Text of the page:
I just finished the four long flights (4 x 13 hours) that it takes to get to Australia and back, and after landing back in New York, I thought it might be handy if I gave my top tips for getting through jet lag quickly.

1. Drink water

So some of these tips are going to be boring, and what you’ve read before, I know, but: water. Water, water, water. Planes are dry, air-conditioned, gross-tubes and you need to stay hydrated. It not only will make you feel, well, hydrated, but it will also help with the transition in time zones, locations, and overall sanity.

On most international flights, you will be offered a drink early with your first meal, so use that to have a soda water with ice (ooh how exciting, fizzy, cold H20). You will then be offered a small bottle and/or lots of cups of water throughout the flight. If you are awake and see that person with that tray, take a cup of water and gulp it down. If you wake up and haven’t had anything for half an hour, then go ring that little dinger button and get yourself another bottle!

Sometimes you’ll think “I don’t want any more water” but that’s just your mind playing tricks on you, have another cup!

2. Avoid caffeine & alcohol

Booooooo! But Josh, free drinks! I KNOW! But it’s not working in your favor. Caffeine is a stimulant and alcohol is a depressant. If you keep taking these uppers and downers, your poor body (which is already under a fair bit of stress) just doesn’t know what to do.

If I’m super boring, stay off the sugary sodas too as you’re going to be on that plane for some time and sugar didn’t get better for you just because you’re at 32,000 feet.

Stick to the water from #1.

Author’s note: … God I’m boring on international flights.

3. Go easy on the food

JUST WHEN YOU THOUGHT IT COULDN’T GET ANY MORE BORING!

So the food on flights is extra salty, because up in the sky with all that delicious recycled air, your taste buds are a bit wonky. They add extra salt to make sure you can actually taste it, but that’s not doing you any favors.

Not to mention, your gut is basically inactive while you’re sitting on the flying, space tube, so the amount of meals you get is WAY too many. Don’t be afraid to say no to a meal or two, your gut will thank you.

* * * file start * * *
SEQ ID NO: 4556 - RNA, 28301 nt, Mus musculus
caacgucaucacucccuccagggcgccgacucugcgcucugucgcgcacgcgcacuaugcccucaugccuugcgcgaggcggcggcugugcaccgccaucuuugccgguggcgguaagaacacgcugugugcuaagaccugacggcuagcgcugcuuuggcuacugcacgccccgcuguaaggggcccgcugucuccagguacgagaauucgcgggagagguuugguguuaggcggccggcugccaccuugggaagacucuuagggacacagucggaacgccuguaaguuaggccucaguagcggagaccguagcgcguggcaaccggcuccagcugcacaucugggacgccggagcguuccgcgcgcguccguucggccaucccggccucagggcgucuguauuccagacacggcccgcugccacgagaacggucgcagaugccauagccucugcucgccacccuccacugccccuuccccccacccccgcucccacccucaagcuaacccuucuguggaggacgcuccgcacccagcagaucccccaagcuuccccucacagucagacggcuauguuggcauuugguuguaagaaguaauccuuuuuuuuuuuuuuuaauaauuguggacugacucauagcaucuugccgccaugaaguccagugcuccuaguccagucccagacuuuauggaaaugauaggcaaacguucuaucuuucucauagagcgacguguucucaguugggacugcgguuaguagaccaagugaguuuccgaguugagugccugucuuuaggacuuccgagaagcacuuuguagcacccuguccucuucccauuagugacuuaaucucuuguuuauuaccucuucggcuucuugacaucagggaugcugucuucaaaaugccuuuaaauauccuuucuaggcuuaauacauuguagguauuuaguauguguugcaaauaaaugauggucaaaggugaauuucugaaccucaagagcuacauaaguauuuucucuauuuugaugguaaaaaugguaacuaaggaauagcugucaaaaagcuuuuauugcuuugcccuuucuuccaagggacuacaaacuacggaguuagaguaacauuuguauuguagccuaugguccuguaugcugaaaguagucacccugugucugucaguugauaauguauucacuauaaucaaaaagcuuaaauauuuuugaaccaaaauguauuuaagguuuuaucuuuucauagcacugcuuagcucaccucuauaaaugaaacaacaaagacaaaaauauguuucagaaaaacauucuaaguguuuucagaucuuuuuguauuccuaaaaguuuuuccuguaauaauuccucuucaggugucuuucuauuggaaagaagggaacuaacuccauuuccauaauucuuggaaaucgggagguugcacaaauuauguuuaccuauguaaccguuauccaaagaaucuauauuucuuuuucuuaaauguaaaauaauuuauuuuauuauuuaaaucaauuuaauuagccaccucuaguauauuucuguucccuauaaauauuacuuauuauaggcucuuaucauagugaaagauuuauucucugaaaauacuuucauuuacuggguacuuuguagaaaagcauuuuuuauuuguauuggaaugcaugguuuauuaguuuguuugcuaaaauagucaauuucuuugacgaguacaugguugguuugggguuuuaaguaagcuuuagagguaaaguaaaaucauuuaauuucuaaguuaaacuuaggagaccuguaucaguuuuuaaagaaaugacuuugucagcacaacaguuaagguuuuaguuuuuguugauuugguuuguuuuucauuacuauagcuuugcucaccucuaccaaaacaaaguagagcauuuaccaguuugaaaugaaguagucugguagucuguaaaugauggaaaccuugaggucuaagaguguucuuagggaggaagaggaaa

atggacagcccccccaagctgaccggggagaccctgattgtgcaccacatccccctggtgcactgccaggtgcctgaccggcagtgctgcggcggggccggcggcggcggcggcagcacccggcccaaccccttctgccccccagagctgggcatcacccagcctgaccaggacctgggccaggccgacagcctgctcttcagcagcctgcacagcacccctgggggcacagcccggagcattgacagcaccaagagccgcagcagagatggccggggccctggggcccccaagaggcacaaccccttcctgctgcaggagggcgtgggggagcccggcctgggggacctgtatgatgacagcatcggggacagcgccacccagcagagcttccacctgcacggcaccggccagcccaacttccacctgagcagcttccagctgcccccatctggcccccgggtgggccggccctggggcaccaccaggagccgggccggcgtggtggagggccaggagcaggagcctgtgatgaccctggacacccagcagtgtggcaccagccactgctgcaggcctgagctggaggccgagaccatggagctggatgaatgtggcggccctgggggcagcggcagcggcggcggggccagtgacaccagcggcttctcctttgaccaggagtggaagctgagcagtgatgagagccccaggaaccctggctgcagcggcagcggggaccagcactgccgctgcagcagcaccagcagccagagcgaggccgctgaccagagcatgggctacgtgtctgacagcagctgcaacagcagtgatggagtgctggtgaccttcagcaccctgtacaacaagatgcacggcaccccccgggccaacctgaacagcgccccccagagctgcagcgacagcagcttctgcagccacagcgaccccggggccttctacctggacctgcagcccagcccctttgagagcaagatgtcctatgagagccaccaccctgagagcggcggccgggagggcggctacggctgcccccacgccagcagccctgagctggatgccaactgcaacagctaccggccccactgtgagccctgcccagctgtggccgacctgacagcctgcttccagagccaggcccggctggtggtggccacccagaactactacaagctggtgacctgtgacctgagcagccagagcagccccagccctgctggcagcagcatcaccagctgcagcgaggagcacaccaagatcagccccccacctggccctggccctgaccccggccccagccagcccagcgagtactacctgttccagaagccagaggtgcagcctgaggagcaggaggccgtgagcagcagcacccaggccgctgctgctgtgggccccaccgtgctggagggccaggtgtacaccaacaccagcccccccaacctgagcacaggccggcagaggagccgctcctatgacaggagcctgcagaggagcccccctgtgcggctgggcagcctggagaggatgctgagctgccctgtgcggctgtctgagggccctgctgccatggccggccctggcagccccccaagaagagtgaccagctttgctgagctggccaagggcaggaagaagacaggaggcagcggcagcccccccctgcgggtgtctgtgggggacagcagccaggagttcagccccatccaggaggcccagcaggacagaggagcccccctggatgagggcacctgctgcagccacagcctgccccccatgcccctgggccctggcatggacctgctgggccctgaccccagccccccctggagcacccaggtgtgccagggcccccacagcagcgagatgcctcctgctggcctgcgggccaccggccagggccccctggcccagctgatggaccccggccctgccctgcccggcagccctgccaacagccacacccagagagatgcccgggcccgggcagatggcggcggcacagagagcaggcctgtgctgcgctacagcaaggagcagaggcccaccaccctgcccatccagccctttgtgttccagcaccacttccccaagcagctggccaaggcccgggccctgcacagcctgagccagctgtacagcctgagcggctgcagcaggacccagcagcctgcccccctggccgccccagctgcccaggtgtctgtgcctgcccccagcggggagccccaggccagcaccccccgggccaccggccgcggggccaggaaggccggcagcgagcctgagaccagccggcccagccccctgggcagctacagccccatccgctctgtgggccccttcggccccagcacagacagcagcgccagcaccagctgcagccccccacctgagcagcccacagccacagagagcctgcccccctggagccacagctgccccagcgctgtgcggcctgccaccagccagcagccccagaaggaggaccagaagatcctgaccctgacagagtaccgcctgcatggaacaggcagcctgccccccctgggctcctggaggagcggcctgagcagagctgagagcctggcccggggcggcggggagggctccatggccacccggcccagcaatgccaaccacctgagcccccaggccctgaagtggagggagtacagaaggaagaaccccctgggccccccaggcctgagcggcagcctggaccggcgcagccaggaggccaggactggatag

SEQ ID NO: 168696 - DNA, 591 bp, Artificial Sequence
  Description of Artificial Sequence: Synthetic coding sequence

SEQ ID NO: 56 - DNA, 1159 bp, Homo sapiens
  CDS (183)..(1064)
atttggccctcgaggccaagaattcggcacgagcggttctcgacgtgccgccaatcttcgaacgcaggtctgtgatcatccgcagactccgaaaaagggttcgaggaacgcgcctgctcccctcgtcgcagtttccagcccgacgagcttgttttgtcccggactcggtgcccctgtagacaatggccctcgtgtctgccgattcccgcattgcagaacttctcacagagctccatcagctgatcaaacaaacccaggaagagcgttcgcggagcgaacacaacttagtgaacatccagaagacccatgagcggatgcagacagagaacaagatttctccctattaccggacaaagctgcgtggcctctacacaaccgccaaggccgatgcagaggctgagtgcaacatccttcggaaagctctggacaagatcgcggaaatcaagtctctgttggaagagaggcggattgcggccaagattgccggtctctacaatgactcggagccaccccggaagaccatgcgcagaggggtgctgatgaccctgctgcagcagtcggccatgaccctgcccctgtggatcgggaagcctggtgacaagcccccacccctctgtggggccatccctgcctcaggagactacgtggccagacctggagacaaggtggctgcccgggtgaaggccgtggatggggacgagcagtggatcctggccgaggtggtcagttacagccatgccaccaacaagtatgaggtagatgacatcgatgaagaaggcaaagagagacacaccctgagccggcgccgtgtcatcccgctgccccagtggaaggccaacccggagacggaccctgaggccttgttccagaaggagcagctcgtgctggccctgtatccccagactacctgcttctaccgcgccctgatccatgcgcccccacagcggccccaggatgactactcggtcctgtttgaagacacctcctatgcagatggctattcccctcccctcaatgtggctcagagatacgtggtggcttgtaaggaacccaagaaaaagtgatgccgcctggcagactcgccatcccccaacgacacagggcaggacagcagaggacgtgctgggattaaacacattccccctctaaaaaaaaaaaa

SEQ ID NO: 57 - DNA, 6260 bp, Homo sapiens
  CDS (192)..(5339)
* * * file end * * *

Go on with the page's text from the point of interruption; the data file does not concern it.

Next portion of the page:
Bonus tip: Take some unsalted nuts, or chew on a sponge filled with water… Ok, maybe just the nuts.

4. Adjust timezones as early as you can

Especially if you’re headed out on holidays, you will want to be on your A-game immediately after you land, and that’s going to be difficult. The best thing you can do though is operate as if you’re already in the timezone you’re headed for, as quickly as possible.

For some directions and distances this is going to be especially difficult but for example, if you get on a plane at 9pm local time, and your destination is currently at 12pm, then think about what might be best for when you arrive. Plan your trip around when you’ll be going to sleep, what you’ll be doing when you arrive, and try your absolute hardest not to just fall asleep at the wrong time.

If it’s a shorter hop, then try going to bed early/late in the preceding days to be good and ready!

Turn off the automatic timezones on your phone and set the clock to your destination so you know what day of the month it is.

5. Be careful of naps

I don’t nap, but if you’re into that kind of thing, then embrace it.

If you’ve got some long hours before bedtime then you will want to consider a light nap of 30 minutes, maybe even an hour, but absolutely nothing more.

If it’s 6:30pm and you’re finding it tough, then I would argue that you should tough it out and pin your eyelids open instead. YOU CAN DO THIS! Don’t go to bed before 9:30pm. Or you’ll be re-reading this article at 4am.

6. Let there be (natural) light

As soon as you arrive at your destination, spend as much time as you possibly can outside or in brightly lit rooms. The natural light is especially good for you and will dramatically improve your mood and energy levels.

There are even cool apps about the place like Entrain which can help you know what kind of light you need, and when, to match your internal rhythm!

Sun, good.

7. Drugs are good… mmk

If you’re REALLY not coping and life is flashing before your very eyes, consider some melatonin:

Dr. Czeisler said that a melatonin supplement can help quiet the brain and silence the signal that you need to be awake; he recommended taking it in your new time zone a half-hour or so before you want to go to sleep.

Oh and don’t forget by the way to keep setting alarms for about a week after you arrive in your destination to wake up at the right time. If your body is anything like mine, it will sneakily try and reset back after you let your guard down, a week later.

Alright, that’s it.

TLDR: Be more boring, sleep more, embrace sunshine and water.